ANBD-Assisted Coil Embolization
The ANBD could be easily introduced and positioned at the necks of aneurysms in all cases. However, the angle between the right common carotid artery and the long axis of the aneurysm in these Y-type bifurcations caused an eccentric position of the stem, with lesser protection from coil protrusion on the left side of the neck. Transient left carotid occlusion occurred at the time of subsequent coil packing in two animals. The sudden movement of the 3D coil often caused tilting of the ANBD that had to be repositioned. The “larger loop” of the 3D design also had a tendency to slide between the ANBD loops and the aneurysmal wall, thus protruding inside the bifurcation, and required repositioning on multiple occasions. Nevertheless, treatment of these wide neck lesions was subjectively thought to be easier with the ANBD. Immediate angiographic results were not significantly different, and left carotid occlusion was no less frequent in coil-treated aneurysms with or without ANBD assistance. Angiographic scores, as in group I, also increased with time, showing a recurrence in five animals, with a median angiographic score of 3.0, but this trend did not reach statistical significance (P = .08). Recanalization between coils or between the coil mass and the aneurysmal wall was frequent, and the median neointimal score (2.0) was not significantly different from that of group I. The ANBD was sometimes covered with neointima, sometimes apparently bare (Fig 2). Platinum coils, partially covered with neointima, protruded out of the ANBD in many cases (Fig 3).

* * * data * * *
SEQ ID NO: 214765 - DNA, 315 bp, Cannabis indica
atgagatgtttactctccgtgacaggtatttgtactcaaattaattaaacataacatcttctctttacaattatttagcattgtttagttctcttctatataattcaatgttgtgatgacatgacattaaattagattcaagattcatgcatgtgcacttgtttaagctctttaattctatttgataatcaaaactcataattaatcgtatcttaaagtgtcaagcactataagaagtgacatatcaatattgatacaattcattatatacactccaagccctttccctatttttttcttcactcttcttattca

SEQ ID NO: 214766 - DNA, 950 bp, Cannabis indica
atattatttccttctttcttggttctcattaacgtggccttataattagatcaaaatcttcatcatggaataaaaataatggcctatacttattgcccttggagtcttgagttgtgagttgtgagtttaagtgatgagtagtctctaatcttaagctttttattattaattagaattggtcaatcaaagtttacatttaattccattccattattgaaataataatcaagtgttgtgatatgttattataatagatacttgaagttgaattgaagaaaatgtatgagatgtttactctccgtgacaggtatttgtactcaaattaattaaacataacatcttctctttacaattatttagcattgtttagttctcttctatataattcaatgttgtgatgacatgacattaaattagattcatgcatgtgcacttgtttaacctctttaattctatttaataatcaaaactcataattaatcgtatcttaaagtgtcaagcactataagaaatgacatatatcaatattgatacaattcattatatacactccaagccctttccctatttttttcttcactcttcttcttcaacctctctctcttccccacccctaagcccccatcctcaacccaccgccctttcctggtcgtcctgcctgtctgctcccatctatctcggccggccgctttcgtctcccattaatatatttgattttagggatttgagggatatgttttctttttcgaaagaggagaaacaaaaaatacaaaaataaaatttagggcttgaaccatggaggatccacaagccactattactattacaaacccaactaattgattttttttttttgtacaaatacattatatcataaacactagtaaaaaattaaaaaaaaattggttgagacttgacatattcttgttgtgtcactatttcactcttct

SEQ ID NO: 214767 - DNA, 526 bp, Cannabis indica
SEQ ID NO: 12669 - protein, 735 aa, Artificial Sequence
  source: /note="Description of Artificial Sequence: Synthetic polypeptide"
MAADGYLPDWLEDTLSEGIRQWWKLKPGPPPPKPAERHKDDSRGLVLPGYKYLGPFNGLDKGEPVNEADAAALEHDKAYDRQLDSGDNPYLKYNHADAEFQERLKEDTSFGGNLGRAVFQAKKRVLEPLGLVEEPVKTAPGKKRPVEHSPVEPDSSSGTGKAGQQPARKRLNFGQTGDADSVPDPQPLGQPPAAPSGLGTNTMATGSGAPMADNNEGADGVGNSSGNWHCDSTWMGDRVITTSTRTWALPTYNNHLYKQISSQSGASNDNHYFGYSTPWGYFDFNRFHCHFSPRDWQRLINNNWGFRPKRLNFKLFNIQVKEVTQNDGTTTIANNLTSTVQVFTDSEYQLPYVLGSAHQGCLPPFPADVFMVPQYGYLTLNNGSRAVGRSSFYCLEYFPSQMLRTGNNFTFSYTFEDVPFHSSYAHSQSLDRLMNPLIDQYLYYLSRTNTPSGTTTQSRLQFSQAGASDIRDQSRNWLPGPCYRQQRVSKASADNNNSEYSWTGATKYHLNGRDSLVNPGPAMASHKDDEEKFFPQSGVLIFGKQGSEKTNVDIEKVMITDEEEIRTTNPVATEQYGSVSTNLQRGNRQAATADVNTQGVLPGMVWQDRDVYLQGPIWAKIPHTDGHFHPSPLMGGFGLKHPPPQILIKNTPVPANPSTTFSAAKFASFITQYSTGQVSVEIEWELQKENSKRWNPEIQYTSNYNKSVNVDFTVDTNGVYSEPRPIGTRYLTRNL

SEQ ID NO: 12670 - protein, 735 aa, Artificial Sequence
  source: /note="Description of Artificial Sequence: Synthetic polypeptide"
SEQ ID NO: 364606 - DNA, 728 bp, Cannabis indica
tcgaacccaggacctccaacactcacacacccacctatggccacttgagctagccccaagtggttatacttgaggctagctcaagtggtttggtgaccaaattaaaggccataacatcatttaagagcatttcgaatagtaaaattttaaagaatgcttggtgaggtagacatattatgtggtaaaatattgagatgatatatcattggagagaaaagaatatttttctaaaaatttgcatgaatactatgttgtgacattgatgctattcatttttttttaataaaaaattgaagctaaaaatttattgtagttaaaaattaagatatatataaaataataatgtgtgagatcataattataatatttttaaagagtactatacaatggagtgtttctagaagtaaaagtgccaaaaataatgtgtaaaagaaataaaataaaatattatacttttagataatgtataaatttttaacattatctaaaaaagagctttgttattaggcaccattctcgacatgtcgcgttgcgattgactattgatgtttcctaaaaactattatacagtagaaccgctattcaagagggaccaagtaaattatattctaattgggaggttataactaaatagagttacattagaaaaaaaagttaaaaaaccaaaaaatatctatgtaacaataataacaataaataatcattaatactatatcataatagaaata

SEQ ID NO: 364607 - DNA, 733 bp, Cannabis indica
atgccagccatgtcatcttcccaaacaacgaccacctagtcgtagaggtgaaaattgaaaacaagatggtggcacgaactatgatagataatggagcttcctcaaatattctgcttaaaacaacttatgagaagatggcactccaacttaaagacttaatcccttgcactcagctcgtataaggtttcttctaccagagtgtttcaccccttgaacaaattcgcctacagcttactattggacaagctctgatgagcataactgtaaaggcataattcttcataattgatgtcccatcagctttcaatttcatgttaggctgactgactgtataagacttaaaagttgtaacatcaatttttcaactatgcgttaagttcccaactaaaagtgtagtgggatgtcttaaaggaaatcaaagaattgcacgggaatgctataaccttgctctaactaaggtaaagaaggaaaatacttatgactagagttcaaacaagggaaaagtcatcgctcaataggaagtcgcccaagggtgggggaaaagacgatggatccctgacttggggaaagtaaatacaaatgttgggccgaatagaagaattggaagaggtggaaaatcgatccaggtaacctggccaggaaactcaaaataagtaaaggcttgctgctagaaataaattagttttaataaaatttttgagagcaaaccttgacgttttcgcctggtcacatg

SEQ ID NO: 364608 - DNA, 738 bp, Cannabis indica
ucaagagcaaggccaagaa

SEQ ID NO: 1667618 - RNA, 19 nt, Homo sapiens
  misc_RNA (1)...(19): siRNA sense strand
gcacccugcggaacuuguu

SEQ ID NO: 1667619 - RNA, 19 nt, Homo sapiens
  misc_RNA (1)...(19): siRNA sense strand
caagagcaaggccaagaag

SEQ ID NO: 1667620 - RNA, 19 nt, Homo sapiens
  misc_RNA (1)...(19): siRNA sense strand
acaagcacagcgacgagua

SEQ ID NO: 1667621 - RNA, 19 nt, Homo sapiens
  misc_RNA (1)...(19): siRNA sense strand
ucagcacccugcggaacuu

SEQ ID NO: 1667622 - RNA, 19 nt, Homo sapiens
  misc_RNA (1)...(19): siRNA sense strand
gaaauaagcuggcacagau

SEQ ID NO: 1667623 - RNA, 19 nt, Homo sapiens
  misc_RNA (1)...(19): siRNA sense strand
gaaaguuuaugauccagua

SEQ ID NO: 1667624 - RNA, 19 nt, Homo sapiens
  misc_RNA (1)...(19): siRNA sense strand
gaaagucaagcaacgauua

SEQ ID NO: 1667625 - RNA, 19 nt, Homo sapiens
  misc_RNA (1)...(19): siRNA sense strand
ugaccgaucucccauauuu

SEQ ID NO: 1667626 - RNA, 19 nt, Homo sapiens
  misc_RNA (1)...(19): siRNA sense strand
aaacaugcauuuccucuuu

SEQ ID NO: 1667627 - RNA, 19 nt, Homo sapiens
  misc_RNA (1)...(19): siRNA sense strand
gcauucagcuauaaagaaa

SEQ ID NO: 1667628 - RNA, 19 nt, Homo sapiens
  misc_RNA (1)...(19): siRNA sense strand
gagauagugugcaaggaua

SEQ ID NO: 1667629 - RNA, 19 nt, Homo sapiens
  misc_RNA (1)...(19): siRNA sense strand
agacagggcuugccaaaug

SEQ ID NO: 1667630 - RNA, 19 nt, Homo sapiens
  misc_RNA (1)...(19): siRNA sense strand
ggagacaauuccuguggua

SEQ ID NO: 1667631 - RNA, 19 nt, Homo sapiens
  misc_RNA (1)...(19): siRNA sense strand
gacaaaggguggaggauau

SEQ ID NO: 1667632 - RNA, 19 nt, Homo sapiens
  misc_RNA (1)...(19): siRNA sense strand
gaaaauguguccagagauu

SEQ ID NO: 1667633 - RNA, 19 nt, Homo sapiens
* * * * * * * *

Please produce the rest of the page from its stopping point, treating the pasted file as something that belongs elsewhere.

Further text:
ANBD-Assisted Cyanoacrylate Embolization